The original name for Barbados in the Pre-Columbian era was 'Ichirouganaim' which probably meant "Red land with white teeth" or simply "Teeth" (possibly referring to the reefs around the island) Portuguese named the island “Los Barbados" (meaning “the bearded ones”), referring the Bearded Fig Trees once found in abundance on the island. Colloquially Barbadians refer to their home island as "Bim" and Bim also refers to a Barbadian ('somebody from Barbados')
Bridgetown, the capital of Barbados, is the only city outside the present United States that George Washington visited. He arrived on November 2, 1751, abroad the ship 'Success'. Bridgetown was originally named "Indian Bridge" for a bridge constructed by the Indians. It was later called the "Town of Saint Michael", before finally being named Bridgetown when a new bridge was built in place of the Indian Bridge.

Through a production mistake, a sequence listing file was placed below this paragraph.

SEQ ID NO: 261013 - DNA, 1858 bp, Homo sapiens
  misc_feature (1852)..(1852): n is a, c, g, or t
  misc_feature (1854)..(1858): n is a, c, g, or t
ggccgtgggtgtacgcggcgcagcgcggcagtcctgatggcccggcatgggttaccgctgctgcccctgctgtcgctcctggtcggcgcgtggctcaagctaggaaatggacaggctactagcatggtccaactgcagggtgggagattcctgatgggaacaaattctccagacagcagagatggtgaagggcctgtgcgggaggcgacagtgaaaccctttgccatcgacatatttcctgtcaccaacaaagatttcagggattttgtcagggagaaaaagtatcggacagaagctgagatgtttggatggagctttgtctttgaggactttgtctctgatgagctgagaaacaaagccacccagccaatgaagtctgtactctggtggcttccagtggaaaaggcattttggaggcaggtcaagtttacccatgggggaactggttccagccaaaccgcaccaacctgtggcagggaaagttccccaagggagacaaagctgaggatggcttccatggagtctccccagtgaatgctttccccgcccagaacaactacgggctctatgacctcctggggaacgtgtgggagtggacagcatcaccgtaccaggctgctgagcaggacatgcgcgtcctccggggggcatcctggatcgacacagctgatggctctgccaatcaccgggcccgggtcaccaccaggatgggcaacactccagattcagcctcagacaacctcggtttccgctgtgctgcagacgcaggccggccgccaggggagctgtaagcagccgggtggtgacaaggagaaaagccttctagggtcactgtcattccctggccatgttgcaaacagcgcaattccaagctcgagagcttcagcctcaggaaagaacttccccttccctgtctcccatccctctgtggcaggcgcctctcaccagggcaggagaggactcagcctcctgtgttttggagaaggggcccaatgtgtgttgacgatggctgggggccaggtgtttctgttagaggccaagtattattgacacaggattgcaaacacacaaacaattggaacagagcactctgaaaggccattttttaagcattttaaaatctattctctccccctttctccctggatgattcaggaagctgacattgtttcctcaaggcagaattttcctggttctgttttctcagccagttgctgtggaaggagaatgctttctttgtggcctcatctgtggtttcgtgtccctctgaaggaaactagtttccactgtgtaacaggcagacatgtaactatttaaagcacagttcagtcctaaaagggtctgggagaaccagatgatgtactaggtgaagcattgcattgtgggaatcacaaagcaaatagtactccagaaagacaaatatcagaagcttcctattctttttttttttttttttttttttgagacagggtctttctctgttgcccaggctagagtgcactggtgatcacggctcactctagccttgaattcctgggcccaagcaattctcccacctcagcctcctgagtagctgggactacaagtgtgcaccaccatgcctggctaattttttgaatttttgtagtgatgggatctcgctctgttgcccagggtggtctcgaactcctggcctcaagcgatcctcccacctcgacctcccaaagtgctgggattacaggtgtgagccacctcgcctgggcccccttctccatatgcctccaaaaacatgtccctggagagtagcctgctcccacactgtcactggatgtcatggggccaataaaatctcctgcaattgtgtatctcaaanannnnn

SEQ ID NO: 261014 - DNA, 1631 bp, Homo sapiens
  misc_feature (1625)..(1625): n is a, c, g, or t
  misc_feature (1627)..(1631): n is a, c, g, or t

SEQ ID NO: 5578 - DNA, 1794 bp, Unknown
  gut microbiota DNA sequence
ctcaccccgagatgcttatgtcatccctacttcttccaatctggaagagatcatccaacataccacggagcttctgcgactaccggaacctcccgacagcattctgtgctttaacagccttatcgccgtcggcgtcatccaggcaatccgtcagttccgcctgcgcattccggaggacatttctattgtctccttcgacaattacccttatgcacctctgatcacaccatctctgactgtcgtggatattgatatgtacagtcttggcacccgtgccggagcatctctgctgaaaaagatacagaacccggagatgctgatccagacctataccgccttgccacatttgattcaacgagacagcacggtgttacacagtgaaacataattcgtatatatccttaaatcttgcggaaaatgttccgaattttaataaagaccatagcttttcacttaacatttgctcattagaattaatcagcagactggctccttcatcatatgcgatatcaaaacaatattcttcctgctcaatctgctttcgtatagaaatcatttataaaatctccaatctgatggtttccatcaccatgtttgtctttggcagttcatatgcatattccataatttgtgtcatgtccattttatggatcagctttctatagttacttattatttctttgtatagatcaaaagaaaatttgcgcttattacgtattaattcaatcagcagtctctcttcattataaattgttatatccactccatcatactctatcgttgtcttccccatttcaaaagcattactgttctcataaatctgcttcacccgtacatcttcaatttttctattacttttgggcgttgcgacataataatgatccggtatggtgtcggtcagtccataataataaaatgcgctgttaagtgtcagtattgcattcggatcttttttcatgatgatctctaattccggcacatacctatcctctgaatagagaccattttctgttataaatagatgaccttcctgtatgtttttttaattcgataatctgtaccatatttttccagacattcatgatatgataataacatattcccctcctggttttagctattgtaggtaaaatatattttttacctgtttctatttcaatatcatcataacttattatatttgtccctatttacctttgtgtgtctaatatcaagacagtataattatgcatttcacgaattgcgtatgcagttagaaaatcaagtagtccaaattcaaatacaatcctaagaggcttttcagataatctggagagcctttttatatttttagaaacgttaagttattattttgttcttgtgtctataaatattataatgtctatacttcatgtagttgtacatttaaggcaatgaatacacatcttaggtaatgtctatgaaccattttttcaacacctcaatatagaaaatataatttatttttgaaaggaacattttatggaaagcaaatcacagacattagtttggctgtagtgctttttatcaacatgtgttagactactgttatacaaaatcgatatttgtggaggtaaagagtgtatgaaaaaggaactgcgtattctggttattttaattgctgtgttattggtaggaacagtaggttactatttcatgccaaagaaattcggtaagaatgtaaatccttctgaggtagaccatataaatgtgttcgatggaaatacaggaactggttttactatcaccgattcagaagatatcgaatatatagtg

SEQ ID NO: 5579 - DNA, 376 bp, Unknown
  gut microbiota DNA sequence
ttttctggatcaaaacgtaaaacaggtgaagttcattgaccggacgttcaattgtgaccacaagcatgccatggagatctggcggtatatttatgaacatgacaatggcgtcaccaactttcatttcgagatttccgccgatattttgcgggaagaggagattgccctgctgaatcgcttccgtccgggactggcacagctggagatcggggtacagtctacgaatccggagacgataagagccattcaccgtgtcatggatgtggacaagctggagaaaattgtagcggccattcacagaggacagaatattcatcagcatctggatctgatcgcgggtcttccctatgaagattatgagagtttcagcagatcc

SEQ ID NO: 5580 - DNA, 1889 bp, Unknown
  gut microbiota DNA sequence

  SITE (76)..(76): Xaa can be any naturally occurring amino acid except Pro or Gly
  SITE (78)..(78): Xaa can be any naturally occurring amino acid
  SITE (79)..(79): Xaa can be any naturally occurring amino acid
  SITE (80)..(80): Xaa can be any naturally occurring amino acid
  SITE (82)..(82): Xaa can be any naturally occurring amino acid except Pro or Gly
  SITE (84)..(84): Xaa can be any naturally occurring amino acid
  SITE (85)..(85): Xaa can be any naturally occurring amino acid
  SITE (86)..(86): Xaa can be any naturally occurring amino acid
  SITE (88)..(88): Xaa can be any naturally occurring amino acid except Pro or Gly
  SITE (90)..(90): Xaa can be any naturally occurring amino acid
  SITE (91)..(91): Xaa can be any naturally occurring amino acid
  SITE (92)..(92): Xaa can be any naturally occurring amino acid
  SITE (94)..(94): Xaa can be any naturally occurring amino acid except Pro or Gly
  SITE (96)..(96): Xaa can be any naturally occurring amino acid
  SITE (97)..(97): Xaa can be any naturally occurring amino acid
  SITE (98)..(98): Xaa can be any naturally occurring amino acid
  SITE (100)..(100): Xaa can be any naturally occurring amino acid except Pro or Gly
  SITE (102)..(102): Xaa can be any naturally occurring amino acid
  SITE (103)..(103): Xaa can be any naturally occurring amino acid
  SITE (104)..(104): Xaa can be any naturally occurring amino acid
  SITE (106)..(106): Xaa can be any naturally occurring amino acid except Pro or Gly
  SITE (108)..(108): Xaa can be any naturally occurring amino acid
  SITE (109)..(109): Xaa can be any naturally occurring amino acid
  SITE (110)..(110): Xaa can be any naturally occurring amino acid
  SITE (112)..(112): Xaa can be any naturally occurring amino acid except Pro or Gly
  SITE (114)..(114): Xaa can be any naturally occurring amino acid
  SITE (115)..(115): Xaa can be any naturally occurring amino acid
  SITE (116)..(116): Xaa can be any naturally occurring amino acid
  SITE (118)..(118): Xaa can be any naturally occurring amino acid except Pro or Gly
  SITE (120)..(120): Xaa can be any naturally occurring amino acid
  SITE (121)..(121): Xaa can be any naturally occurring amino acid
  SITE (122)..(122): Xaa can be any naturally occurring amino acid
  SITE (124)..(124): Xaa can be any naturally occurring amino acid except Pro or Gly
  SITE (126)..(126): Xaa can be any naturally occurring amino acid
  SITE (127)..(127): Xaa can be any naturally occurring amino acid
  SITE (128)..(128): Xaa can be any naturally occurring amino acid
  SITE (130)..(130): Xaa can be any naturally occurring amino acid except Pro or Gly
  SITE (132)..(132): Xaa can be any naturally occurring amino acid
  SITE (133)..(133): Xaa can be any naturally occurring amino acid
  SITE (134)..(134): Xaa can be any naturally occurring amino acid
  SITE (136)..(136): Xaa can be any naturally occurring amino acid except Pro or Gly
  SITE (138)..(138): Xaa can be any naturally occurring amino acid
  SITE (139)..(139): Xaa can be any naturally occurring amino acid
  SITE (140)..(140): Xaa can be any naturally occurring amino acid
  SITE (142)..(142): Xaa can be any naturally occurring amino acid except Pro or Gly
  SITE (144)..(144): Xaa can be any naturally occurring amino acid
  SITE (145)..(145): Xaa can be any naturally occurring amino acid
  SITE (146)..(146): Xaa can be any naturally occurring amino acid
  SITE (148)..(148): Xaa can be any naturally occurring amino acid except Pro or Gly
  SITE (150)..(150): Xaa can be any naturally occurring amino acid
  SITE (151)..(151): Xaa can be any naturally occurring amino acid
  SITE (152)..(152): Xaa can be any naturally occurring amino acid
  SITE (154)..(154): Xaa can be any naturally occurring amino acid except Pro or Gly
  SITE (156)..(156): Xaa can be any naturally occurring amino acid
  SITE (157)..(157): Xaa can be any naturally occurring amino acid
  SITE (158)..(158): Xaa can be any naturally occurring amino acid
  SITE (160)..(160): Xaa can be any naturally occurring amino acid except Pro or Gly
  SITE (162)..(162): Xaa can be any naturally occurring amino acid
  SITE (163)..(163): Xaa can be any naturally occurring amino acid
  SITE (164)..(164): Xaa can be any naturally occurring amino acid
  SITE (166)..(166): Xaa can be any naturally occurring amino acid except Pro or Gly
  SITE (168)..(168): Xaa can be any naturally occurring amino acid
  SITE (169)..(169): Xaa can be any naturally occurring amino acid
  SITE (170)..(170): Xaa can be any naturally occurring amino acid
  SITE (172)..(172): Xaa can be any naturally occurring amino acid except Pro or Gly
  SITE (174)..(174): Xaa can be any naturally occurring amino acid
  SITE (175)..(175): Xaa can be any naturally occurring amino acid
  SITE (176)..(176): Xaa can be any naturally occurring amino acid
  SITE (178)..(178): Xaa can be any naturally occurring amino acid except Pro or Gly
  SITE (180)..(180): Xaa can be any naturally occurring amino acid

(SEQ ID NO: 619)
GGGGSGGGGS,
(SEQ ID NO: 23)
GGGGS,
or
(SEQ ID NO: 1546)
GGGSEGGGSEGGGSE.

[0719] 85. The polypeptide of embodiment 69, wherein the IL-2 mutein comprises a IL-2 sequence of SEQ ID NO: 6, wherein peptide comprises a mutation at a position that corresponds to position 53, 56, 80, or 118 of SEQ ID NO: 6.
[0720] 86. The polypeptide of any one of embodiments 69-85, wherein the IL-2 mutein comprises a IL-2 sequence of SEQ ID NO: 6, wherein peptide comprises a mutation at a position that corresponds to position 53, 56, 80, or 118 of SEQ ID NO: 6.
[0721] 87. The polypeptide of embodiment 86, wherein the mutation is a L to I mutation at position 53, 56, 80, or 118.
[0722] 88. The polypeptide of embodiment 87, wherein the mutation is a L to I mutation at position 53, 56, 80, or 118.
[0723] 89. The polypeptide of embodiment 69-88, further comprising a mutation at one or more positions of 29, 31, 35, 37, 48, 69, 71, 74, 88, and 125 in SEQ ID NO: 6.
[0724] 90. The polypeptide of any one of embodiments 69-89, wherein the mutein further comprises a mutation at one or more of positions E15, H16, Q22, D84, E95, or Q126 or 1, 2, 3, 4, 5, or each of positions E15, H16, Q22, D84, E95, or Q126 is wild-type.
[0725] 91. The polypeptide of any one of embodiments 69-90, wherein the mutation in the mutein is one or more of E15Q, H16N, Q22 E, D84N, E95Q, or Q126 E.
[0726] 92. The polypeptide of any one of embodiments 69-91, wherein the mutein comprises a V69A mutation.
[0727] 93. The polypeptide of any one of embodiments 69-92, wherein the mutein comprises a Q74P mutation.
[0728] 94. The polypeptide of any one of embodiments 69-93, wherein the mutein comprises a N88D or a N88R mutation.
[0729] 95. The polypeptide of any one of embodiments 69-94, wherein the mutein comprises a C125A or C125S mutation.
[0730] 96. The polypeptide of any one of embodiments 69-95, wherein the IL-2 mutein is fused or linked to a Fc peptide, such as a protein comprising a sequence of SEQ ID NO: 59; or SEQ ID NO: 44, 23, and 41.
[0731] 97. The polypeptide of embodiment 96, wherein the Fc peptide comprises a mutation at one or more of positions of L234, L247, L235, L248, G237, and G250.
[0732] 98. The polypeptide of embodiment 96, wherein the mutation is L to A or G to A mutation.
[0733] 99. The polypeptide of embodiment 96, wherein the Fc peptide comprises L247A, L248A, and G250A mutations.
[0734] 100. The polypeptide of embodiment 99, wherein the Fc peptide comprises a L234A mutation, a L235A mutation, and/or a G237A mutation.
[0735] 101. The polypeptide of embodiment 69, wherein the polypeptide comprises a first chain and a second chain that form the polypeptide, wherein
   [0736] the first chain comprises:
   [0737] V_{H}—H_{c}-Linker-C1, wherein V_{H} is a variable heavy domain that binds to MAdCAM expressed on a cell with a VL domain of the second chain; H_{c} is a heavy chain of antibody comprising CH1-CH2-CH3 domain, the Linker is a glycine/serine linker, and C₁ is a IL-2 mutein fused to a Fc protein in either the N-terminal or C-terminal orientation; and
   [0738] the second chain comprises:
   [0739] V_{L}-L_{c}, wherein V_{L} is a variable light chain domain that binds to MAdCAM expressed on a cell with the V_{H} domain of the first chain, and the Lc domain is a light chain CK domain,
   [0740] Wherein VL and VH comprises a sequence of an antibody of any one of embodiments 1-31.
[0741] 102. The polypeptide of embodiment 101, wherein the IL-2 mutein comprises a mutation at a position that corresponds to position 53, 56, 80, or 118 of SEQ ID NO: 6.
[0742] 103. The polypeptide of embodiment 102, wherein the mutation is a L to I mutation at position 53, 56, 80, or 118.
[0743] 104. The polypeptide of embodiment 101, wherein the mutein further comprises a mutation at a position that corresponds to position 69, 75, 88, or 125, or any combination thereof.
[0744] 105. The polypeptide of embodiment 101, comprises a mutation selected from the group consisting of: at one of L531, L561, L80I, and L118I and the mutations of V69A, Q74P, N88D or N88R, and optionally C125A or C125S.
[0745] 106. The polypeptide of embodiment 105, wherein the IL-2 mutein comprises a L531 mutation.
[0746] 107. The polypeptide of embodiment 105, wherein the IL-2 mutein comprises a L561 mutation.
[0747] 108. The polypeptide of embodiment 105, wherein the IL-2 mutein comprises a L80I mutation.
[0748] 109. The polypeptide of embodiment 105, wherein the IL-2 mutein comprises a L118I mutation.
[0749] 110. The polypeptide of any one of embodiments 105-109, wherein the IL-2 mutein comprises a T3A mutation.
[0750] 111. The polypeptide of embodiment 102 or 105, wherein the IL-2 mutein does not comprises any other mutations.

Grantley Adams International Airport (GAIA) (code: BGI) is the international airport of Barbados, located in Seawell, Christ Church. It is the only designated port of entry for persons arriving and departing by air in Barbados. The airport's former name was Seawell Airport before being dedicated posthumously in honour of the first Premier of Barbados, Sir Grantley Herbert Adams in 1976.
The brown pelican is the national bird of Saint Martin, Barbados, Saint Kitts and Nevis, and the Turks and Caicos Islands. In 1902, it was made a part of the official Louisiana seal and, in 1912, a pelican and her young became part of the Flag of Louisiana as well. In 1966, it became the official state bird of Louisiana.
Caesalpinia pulcherrima, known as 'Pride of Barbados' in Barbados, is the national flower of Barbados, and is depicted on the Queen's personal Barbadian flag.